# Teaching Students About Units for Viscosity: Understanding Fluid Dynamics

Viscosity is one of the most important physical properties of fluids that is often taught in science classes. Viscosity refers to the resistance of a fluid to flow, and it is a crucial concept in engineering, chemistry, and many other fields. To understand viscosity, it is essential for students to learn about units for viscosity.

There are several ways to introduce the topic of viscosity and its units to students. In middle school, students should have a basic understanding of viscosity and its definition. Teachers can start the class by asking students about their experiences with different substances having varying viscosity levels. For example, students can think about honey, water, and syrup and how they flow differently.

Next, teachers can introduce students to the SI unit for viscosity, called Pascal-second (Pa.s). This unit is essential in many engineering calculations. Students can understand that fluids with higher viscosity have larger Pa.s values, meaning they are more resistant to flow, and those with lower viscosity have smaller Pa.s values.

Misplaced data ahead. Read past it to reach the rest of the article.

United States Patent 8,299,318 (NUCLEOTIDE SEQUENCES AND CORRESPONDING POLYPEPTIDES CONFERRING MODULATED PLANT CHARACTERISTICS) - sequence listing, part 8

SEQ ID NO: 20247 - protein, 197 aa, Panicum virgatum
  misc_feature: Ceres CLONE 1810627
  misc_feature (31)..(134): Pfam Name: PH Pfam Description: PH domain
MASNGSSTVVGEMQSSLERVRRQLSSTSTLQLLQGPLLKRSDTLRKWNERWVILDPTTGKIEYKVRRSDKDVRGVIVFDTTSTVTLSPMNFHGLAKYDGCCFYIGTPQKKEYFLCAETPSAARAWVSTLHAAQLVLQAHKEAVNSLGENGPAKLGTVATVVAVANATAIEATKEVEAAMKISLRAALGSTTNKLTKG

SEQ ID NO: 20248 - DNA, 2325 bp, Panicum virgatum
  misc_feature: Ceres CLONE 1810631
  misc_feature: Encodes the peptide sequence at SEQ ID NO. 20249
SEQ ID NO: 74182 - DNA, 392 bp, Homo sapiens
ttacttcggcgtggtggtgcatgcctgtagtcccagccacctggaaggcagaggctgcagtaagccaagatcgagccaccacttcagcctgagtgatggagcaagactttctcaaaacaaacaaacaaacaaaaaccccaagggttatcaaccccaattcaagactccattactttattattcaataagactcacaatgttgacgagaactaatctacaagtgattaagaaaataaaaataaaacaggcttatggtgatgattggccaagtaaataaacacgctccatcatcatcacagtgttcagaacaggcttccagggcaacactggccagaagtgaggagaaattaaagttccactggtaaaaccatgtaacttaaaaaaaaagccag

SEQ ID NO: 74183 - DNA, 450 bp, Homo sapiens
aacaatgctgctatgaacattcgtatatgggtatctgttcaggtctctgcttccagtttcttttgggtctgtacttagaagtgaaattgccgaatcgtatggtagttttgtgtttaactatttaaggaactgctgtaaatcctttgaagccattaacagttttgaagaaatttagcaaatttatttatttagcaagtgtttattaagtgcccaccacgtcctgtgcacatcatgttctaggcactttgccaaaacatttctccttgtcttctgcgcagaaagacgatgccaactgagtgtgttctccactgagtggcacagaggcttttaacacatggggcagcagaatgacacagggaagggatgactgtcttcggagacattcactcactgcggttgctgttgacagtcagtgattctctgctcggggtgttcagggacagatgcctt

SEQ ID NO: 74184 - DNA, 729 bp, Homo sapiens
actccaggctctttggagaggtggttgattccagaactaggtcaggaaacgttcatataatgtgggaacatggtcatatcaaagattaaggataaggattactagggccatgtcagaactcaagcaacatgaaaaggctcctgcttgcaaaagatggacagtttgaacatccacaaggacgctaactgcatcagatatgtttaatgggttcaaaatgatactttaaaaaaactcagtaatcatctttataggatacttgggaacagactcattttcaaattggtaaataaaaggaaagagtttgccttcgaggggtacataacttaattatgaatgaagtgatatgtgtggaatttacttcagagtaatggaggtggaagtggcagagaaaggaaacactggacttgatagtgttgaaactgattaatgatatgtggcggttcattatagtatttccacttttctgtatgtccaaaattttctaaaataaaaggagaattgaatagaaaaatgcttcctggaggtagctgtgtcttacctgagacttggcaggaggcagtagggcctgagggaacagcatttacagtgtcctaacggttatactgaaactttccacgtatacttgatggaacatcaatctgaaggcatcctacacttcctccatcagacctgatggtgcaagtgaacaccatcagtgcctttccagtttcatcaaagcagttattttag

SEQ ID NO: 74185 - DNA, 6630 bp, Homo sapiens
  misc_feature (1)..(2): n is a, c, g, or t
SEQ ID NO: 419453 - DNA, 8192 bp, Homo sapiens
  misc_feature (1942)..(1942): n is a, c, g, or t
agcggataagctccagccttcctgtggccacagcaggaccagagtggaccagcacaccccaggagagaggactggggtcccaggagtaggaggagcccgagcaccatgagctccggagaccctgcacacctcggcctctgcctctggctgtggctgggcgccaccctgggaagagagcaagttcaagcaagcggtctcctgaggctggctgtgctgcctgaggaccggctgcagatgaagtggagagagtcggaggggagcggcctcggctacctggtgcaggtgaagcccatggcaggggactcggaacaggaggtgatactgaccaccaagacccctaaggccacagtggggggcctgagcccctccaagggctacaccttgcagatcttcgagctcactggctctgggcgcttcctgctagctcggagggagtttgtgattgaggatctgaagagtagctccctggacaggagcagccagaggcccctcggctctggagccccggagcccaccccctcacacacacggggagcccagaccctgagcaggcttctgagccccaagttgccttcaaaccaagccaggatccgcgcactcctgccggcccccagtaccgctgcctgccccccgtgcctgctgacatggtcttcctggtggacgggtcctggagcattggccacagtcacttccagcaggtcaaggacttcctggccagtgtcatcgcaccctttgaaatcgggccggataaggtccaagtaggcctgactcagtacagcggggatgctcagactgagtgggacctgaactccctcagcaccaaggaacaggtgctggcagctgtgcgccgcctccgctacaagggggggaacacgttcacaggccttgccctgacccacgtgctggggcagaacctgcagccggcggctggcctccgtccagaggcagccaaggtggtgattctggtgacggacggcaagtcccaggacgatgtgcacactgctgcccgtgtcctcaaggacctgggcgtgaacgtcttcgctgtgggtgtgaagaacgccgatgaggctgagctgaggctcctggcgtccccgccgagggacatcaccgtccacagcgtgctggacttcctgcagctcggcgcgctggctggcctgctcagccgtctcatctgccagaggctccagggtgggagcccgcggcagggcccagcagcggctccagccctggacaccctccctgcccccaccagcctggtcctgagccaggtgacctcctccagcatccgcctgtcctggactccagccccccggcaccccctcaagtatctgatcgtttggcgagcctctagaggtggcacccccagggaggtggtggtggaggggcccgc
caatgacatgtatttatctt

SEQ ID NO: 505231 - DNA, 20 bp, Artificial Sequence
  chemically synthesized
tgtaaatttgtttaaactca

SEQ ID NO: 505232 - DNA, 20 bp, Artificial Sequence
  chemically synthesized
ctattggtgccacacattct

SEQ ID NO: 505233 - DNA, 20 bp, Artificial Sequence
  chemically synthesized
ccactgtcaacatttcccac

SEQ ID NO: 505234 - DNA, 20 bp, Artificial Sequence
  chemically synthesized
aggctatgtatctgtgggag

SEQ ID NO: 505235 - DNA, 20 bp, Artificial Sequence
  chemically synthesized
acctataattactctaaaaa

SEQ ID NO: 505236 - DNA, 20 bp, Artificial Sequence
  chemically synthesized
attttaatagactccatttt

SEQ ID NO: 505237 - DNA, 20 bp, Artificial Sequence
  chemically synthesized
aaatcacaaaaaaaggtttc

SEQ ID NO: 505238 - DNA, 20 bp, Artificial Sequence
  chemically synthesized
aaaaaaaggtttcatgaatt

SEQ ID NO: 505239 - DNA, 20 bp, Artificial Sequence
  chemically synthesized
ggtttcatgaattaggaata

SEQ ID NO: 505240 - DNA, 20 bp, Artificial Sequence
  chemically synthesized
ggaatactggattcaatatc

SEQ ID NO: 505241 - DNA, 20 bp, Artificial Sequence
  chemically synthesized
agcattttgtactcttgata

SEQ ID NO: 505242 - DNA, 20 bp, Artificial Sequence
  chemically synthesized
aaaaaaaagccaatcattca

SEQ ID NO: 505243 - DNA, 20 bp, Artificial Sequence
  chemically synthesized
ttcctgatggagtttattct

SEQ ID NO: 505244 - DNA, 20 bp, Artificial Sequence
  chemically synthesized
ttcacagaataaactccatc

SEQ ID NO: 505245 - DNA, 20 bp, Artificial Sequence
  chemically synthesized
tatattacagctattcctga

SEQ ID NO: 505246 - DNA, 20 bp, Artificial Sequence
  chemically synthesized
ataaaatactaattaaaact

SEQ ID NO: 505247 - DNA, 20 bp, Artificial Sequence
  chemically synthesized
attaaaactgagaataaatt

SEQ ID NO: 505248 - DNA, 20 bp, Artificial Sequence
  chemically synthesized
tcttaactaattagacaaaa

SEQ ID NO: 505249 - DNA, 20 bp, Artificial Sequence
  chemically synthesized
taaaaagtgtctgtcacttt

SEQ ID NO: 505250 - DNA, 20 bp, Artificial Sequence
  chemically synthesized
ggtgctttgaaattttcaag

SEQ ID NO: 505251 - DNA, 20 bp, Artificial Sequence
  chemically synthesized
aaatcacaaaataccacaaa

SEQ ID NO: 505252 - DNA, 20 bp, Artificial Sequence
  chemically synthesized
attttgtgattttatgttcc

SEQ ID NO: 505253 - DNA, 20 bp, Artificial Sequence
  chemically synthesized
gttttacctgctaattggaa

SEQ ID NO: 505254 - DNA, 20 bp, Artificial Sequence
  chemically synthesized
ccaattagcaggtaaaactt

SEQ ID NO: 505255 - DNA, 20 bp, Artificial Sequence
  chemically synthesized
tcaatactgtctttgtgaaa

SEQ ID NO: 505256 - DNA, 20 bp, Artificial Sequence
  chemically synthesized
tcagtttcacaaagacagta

Additionally, students must also learn about other viscosity units that are commonly used, such as centipoise (cP) and dynes per centimeter-squared (dyne/cm2). Centipoise is used in the chemical industry and represents the viscosity of fluids at room temperature. Unlike Pa.s, smaller values of cP represent a lower viscosity. Dynes per centimeter-squared is another unit used in physics and engineering calculations. It represents the amount of force required to move a fluid through a surface area.

To make the concept more accessible, teachers can incorporate hands-on activities into the lesson plan. For example, students can experiment with different fluids and measure their viscosity using a viscometer. They can compare the viscosity of water and honey and note the difference in their flow properties.

To further reinforce the concept, students can also apply the learned units in real-life situations. Teachers can show how different industries, such as the food, pharmaceutical, and oil and gas industries, use viscosity in their manufacturing processes.